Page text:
Philip K Dick is one of my favorite authors
A pioneer of LSD-era science fiction, his stories are mind bending in ways that few other authors can compare with. There is always a sense in his books that reality is not the way it seems, and the little glimpses behind the curtain only leave one reeling with more questions and uncertainty.
I highly recommend him. His books are all between 200-300 pages, so they’re not too demanding on your time. He’s very philosophically literate, so sometimes the concepts he dabbles in compel a Google search or a paragraph reread or two, but don’t let that deter you. Do Androids Dream of Electric Sheep? is the basis of Bladerunner (although it is a whole lot weirder than Bladerunner) and I highly recommend it as a starting point.
I love that he’s not afraid to dabble in the weird and fantastical. I’ve never been able to get into science fiction that attempts to be an extrapolation of real world technologies, of science fiction that works so hard to convince the reader that what it posits could, one day, be real. A lot of really heavy technical stuff that, in my opinion, just gets in the way of whatever story is being told.
None of that in PKD. Any “science” is there not to show technical know how or to predict the future, but it is there as a way to explore some idea he’s obsessed with.
“Obsessed” is the key word there. In his early career, he used to hammer out sixty pages of fully revised writing a day because he was on amphetamines.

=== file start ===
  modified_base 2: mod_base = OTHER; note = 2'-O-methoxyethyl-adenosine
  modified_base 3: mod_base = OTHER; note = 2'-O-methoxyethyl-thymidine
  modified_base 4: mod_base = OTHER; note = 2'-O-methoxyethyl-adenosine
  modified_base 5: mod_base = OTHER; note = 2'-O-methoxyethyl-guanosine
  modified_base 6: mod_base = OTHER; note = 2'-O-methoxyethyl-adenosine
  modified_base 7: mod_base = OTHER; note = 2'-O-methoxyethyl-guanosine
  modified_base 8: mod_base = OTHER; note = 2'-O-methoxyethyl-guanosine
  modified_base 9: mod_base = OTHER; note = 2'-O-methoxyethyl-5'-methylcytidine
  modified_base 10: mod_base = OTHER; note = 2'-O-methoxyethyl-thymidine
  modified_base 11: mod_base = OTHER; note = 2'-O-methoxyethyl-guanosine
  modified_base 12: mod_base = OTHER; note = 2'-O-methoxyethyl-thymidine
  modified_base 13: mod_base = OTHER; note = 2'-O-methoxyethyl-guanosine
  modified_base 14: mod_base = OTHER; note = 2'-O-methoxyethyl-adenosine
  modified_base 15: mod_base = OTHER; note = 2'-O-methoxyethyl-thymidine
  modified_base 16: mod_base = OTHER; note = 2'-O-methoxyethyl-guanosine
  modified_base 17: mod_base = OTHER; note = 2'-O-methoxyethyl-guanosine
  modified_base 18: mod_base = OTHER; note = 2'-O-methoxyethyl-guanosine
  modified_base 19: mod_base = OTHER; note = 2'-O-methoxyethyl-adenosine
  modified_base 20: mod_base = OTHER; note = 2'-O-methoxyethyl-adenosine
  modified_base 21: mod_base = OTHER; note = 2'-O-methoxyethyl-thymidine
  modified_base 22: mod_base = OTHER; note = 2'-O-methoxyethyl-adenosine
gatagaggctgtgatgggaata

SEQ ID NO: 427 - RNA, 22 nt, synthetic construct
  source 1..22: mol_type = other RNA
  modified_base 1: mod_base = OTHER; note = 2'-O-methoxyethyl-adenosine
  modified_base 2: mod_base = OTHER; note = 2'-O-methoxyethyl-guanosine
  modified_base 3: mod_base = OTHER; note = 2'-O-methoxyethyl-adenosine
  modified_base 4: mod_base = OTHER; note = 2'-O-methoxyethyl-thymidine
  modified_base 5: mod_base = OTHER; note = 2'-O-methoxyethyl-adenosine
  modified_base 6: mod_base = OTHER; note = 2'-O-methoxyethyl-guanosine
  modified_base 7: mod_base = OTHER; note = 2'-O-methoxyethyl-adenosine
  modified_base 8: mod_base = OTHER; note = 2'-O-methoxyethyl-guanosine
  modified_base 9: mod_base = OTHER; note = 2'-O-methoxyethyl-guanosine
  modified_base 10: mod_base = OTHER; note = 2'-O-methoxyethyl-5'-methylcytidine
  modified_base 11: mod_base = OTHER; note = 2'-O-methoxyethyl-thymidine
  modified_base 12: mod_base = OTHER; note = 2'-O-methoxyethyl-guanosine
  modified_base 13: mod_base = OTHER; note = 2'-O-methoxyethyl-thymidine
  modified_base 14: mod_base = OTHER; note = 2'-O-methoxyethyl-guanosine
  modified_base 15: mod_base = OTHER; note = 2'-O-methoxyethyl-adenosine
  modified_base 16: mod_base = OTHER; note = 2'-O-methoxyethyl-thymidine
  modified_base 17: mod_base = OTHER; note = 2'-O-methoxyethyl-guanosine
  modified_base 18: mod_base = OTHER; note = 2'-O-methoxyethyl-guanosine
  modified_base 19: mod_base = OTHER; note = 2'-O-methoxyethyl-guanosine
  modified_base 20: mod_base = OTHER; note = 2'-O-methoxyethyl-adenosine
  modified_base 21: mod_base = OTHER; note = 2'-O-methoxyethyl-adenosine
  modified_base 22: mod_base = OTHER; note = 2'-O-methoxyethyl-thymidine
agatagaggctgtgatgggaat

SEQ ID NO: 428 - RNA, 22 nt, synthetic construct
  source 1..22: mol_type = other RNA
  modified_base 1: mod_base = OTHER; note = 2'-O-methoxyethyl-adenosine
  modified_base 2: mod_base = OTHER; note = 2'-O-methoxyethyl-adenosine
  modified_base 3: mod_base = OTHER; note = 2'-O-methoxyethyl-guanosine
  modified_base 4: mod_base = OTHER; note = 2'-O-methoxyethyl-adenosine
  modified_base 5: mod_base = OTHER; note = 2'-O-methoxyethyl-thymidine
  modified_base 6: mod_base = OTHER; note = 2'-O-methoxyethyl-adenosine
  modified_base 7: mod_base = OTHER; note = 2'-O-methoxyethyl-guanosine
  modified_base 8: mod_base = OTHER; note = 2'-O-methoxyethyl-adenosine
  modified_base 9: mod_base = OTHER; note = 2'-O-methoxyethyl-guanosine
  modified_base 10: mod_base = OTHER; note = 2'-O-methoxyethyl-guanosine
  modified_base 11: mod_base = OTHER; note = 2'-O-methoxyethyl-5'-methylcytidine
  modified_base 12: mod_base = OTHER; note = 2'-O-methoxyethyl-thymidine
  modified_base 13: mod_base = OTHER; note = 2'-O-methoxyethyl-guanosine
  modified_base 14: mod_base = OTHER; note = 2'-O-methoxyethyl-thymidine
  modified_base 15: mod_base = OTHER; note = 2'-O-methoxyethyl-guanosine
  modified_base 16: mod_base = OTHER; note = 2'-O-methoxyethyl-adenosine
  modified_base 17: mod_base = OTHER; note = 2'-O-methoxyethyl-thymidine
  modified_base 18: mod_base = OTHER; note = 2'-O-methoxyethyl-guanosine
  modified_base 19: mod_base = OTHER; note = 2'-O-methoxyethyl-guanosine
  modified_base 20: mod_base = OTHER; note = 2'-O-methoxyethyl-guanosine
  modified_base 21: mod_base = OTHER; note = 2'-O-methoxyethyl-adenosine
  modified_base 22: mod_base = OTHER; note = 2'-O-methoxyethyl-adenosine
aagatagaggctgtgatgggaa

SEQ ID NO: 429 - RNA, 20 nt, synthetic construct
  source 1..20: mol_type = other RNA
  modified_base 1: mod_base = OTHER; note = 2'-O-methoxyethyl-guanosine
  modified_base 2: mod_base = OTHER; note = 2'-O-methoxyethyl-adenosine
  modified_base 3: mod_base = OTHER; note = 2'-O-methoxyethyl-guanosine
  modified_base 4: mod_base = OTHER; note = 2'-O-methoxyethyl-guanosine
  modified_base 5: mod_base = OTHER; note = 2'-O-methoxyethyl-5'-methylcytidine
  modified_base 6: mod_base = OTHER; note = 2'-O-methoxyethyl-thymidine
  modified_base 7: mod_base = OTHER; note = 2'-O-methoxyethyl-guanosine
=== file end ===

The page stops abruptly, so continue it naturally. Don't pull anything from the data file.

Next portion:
It’s this obsessive nature of his that intrigues me. He writes to work answers out for himself. And he won’t stop writing until he figures it out.
I’m talking about this because I recently read his book, VALIS.
This book… oh, this book.
I don’t recommend reading it until you’ve got a few PKD books under your belt. If you don’t like his style, you won’t like this book in the slightest. All of the tendencies that one can criticize in his work make an appearance, namely that he has a tendency to divert onto highly philosophical tangents for a very long time and it can sometimes be hard to parse.
This is basically “Philosophical Tangents: the Book.”
And it’s great.
It’s a fictionalized account of the time a pink laser beam struck him in the forehead and God spoke to him and sent him on a years long madness wherein he was constantly writing in his journal about what he’d experienced and what it implied about the nature of reality.
It is extraordinarily philosophically dense. I felt way out of my depth and had to reread several pages just to gain even a rudimentary understanding of some of the concepts he bandies about.
Uncertainty about the nature of reality is a staple of PKD. It doesn’t get more uncertain than it does in VALIS.
One of the stranger takeaways from VALIS was the nature of obsession. On one hand, I do envy the obsession of Philip K. Dick. There is a compulsion in him - he has to create, has to write, has to learn - something inside of him demands it. In VALIS it’s focused towards a religious experience, but in A Scanner Darkly it’s focused on drugs and paranoia. I really truly admire his need to get to the bottom of things even when there is no clear answer.
However… his personal life was a complete mess, he attempted suicide several times, and he suffered greatly from severe mental illness.
That, I do not envy. My love for his work brings uncomfortable questions to me about that age-old supposed link between creativity and mental illness. While it was undeniably a terrible thing that he and those around him suffered so much due to his mental state, his work is so brilliant precisely because of his unbalanced, paranoid ways. The questions of reality forever tormented him and it created some of the most unsettling fiction I’ve read.